The Lone Ranger and Tonto Fistfight in Heaven

Introduction

The Lone Ranger and Tonto Fistfight in Heaven is a 1993 collection of interconnected short stories by Sherman Alexie. The characters and stories in the book, particularly "This Is What It Means to Say Phoenix, Arizona", provided the basis of Alexie's screenplay for the film Smoke Signals.[1][2][3]

The collection was originally released in 1993; it was reissued in 2003, with two new stories, by Grove Atlantic Press.

The Lone Ranger and Tonto Fistfight in Heaven, published in 1993 by Atlantic Monthly Press, was Sherman Alexie's breakthrough book. Composed of twenty-two interconnected stories with recurring characters, the work is often described by critics as a short-story collection, though some argue that it has novel-like features similar to Louise Erdrich's Love Medicine. The book's central characters, Victor Joseph and Thomas Builds-the-Fire, are two young Native-American men living on the Spokane Indian Reservation, and the stories describe their relationships, desires, and histories with family members and others who live on the reservation. Alexie fuses surreal imagery, flashbacks, dream sequences, diary entries, and extended poetic passages with his storytelling to create tales that resemble prose poems more than conventional narratives.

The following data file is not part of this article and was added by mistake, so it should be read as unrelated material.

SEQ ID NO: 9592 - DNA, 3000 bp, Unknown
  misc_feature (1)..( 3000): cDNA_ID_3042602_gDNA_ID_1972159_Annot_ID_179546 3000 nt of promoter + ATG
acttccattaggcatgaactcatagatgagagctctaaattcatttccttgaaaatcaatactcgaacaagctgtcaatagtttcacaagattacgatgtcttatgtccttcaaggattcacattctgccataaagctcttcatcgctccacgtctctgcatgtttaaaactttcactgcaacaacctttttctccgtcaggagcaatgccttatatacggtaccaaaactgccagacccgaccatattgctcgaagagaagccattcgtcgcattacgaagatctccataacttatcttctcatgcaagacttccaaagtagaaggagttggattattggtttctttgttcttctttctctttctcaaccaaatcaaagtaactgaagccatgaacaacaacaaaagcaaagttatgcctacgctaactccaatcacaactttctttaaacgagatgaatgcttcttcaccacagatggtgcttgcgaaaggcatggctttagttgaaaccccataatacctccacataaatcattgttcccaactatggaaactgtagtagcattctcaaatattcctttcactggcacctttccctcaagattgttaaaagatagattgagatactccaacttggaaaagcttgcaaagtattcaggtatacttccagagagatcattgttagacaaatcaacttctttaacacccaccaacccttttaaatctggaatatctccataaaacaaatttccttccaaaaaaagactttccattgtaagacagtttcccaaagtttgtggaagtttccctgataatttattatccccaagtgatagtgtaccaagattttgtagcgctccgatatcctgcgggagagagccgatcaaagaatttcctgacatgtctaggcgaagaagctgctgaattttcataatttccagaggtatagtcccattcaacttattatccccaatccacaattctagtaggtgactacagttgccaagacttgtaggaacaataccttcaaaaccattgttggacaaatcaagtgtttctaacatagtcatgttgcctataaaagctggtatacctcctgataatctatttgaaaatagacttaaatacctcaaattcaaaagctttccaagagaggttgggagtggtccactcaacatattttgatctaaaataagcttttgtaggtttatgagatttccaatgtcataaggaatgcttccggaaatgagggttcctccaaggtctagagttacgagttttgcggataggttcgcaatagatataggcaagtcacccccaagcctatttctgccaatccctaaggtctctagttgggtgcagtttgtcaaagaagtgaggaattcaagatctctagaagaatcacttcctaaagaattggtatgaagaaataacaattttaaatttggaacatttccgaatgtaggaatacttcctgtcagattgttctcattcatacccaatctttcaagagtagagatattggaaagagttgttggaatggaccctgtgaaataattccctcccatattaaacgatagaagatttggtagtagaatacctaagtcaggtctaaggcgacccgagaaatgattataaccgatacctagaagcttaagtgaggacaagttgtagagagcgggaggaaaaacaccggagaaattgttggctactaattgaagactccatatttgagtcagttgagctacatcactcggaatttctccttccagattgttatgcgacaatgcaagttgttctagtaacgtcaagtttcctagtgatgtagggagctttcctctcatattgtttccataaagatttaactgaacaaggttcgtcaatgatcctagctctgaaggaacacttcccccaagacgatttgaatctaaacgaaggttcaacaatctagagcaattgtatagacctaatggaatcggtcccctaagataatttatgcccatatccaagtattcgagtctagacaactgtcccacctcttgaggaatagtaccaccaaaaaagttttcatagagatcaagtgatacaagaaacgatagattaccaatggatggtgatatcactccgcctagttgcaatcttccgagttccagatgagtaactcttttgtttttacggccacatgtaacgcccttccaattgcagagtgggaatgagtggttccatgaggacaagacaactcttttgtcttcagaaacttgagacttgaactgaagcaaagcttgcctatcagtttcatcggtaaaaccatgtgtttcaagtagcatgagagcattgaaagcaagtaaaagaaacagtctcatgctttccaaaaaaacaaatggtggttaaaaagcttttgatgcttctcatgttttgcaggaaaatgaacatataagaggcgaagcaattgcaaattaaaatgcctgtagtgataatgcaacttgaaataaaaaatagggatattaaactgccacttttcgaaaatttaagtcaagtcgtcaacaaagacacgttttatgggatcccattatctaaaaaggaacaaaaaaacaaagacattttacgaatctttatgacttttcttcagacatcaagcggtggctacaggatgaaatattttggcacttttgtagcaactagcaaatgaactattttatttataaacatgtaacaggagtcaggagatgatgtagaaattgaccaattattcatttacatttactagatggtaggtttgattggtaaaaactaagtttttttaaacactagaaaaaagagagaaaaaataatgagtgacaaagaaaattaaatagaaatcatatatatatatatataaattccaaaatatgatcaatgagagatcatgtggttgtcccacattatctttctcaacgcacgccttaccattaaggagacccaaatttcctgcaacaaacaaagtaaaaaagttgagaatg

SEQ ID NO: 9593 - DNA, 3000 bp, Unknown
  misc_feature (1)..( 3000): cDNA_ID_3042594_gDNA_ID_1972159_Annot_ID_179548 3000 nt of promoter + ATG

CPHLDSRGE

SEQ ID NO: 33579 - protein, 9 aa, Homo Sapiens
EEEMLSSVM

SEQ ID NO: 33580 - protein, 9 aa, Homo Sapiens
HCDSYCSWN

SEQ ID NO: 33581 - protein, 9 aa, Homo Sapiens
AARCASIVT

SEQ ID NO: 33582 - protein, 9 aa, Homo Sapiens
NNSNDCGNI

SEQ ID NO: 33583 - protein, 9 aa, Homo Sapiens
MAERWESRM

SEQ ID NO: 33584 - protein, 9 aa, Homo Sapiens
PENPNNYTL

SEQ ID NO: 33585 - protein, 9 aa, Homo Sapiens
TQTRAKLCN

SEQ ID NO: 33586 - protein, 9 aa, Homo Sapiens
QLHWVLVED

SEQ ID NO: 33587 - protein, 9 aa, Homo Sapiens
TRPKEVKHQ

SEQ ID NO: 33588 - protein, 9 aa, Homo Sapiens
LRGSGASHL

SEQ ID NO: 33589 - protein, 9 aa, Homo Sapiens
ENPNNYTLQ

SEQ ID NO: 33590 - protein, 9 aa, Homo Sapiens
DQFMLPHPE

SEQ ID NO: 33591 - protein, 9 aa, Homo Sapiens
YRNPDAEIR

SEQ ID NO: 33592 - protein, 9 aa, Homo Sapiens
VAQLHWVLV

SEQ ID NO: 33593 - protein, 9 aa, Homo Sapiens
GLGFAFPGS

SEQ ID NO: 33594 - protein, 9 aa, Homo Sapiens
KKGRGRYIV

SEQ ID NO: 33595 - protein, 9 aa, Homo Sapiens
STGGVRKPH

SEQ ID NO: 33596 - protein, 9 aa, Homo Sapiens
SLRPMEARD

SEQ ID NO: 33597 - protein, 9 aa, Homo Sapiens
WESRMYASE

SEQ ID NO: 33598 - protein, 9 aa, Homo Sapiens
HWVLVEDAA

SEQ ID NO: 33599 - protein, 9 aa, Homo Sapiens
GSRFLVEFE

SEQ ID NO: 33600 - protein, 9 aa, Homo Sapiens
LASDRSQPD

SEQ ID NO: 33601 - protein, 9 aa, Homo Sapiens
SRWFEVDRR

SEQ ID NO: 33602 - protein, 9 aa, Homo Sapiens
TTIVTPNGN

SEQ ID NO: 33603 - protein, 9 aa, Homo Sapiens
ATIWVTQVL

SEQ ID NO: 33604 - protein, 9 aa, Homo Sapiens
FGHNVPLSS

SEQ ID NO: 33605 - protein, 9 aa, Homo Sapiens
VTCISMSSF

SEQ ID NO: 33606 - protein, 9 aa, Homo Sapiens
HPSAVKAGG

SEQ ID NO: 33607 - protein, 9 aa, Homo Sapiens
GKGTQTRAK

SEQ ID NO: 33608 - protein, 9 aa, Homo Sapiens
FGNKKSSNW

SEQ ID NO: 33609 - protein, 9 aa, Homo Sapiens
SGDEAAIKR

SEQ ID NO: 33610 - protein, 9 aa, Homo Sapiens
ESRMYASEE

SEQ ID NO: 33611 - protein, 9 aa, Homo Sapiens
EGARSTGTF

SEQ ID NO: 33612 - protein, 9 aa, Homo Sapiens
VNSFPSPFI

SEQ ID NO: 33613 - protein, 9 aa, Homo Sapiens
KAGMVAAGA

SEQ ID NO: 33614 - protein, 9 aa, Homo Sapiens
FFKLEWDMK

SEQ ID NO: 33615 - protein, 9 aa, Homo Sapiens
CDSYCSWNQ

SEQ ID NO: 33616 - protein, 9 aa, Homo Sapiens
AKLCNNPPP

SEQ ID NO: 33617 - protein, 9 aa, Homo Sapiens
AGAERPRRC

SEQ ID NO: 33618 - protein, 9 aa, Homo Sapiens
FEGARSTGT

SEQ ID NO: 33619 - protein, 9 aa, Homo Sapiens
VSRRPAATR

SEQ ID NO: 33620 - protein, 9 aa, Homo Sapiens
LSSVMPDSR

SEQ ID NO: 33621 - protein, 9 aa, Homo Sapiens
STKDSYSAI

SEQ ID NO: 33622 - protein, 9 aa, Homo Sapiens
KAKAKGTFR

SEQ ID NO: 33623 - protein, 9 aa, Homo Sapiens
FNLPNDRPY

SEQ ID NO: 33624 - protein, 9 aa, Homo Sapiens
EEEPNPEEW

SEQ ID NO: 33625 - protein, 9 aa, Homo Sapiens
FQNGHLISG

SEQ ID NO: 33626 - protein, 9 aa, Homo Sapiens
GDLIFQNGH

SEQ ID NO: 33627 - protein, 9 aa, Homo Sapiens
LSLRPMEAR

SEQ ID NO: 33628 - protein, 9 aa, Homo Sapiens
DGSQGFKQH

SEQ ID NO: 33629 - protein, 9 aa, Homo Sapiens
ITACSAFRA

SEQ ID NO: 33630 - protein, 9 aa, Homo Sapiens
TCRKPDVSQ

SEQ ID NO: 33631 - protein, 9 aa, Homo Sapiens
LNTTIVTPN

The book's title is derived from one of the collection's stories, which details the experience of a Native American who leaves the reservation to live in Seattle with his white girlfriend and then moves back. The Lone Ranger and Tonto are symbols for white and Native-American identity, respectively. The names are taken from a popular radio show which first aired in 1933, later leading to a series of books and then a television show in the 1950s in which a white man, the Lone Ranger, teams up with an Indian, Tonto, to battle evil in the old west. Alexie, who claims the title came to him from a dream, studs his stories with other references to popular culture to underscore the ways in which representations of Native Americans have played a part in constructing the image they, and others, now have of them. The book's popularity, in part, stems from James R. Kincaid's effusive praise of Alexie's collection of poetry and stories, The Business of Fancy-dancing (1992), in The New York Times Book Review. With Kincaid's review, Alexie, who had published with small presses, was thrust into the national spotlight. He deftly depicts the struggles of Native Americans to survive in a world that remains hostile to their very survival, and he does so in an honest and artful manner. The Lone Ranger and Tonto Fistfight in Heaven earned a PEN-Hemingway nomination for best first book of fiction.


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